The story of coffee has its beginnings in Ethiopia, the original home of the coffee plant, coffee arabica, which still grows wild in the forest of the highlands. While nobody is sure exactly how coffee as a beverage came about, it is believed that its cultivation and use began as early as the 9th century.
Coffee Arabica, first discovered in the 'Kaffa' region (from which the name coffee is derived) in south western Ethiopia, grows wild in many regions of the country and has been used by Ethiopians for many years as a food, a beverage and a medicine. It now accounts for 65% of all export earnings.
Produced using three very distinctive methods - (the forest system, the small farm or cottage system and the plantation system) - Ethiopian coffee has earned itself a reputation as one of the finest, most flavourful coffees in the world. The forest system means coffee grows under a forest canopy and needs very little human interference. The small farm or cottage system is the most popular method for producing coffee in Ethiopia - in fact this method is responsible for 95% of all coffee production. The cottage system consists of small backyard gardens with a few coffee trees, which are harvested by hand. There are presently some 700,000 coffee smallholders who produce coffee in this way. The final method of production is the plantation system, which is becoming increasingly popular. This is farming on a larger scale using modern processing equipment and ensures more quality assurance advantages.
Dilla, the capital of Gedoa in southern Ethiopia is the home of some of the finest coffee plantations. Seven years ago there were only 33 industrial units for processing coffee in Dilla, now there are 200.
The Coffee Ceremony
Farmers come to Dilla to buy coffee, which they then sell to cooperatives. The coffee is graded according to its weight and the best quality goes on to the international market. One of the positive things about Ethiopian coffee is that the majority of it is organically produced. In Dilla and Kafa Sheka state for example, the coffee is grown without the use of pesticides and other harmful chemicals. However, organic certification is extremely difficult to obtain so the coffee cannot be sold as 'organic'.
Each region in Ethiopia produces its own brand of coffee with its own distinct flavour. Yirchachaffe is the first coffee to have been discovered in Ethiopia and is probably the most popular. Other brands include: Sidamo, Harare, Limo, the list is endless.
The famous coffee ceremony, which takes roughly 30 minutes to prepare and consists of each guest drinking a minimum of 3 cups of coffee, shows just how much coffee has become a part of Ethiopian culture.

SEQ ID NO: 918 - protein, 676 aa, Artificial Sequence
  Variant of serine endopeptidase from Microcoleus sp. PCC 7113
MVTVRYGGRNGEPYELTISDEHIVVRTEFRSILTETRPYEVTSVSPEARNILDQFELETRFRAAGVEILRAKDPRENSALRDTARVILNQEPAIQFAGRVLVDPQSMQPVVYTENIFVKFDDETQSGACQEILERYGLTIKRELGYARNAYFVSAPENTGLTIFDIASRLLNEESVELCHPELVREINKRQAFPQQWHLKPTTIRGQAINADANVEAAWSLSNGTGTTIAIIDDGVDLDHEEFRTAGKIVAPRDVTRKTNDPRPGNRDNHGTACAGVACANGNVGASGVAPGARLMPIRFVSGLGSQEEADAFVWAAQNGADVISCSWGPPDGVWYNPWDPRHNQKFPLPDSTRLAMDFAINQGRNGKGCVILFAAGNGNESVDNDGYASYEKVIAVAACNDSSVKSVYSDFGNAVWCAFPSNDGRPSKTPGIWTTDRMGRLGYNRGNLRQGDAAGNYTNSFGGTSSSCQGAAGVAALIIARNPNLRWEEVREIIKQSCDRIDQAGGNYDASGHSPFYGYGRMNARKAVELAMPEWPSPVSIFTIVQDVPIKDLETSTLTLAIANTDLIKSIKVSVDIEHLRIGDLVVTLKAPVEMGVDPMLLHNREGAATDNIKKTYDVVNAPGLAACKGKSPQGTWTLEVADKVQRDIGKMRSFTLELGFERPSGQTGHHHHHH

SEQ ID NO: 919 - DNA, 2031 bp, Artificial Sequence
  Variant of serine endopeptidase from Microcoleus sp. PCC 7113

Ethiopian Coffee in the United Kingdom
Here in the UK a new coffee bar venture was launched in May 2004 by Oxfam. Called Progreso, it is designed to be the "brand leader for Fairtrade in the UK coffee shop market, serving only Fairtrade espresso blends and house coffees, Fairtrade sugar and honey" according to their website www.progreso.org.uk
Among its products is the Progreso espresso, a blend of 100% Arabica Fairtrade organic beans from co-operatives in Honduras, Ethiopia and Indonesia.
The website continues "Progreso is run for the growers. They own a share of Progreso, so they profit directly from the success of the business. They also receive a guaranteed fair price for the coffee they supply." One such group of supplying growers is the Oromia Coffee Farmers Cooperative Union, which was established in June 1999 in Ethiopia, the land of origin for Arabica Coffee. The Union has 35 cooperatives and about 23,000 members, which equals about 100,000 families.
Black Gold: Wake up and smell the Coffee
Black Gold is a moving and eye-opening look into the US $80 billion global coffee industry, where the spoils of overpriced lattes and cappuccinos are sparsely shared with the farmers who make it all possible.
In an increasingly global economy, where the profit margins of huge multinational coffee companies continue to rise, prices paid for coffee harvests have reached an all-time low, forcing farmers in some of the world's poorest countries to abandon their once bountiful fields.
Tadesse Meskela is one man on a mission to bring a fair-trade market to the more than 70,000 struggling farmers whom he represents. As these hard-working people strive to keep the rich cultural heritage of their country intact by continuing to harvest some of the highest quality coffee beans available, Tadesse travels the world in an attempt to find a fair price for the fruits of their labour.
This seemingly Sisyphean endeavour takes him on an international journey to some of the biggest coffee marketplaces in the world, where he discovers that there are no easy solutions for the trade issues facing his impoverished countrymen. For more information about the Black Gold film, visit the official website www.blackgoldmovie.com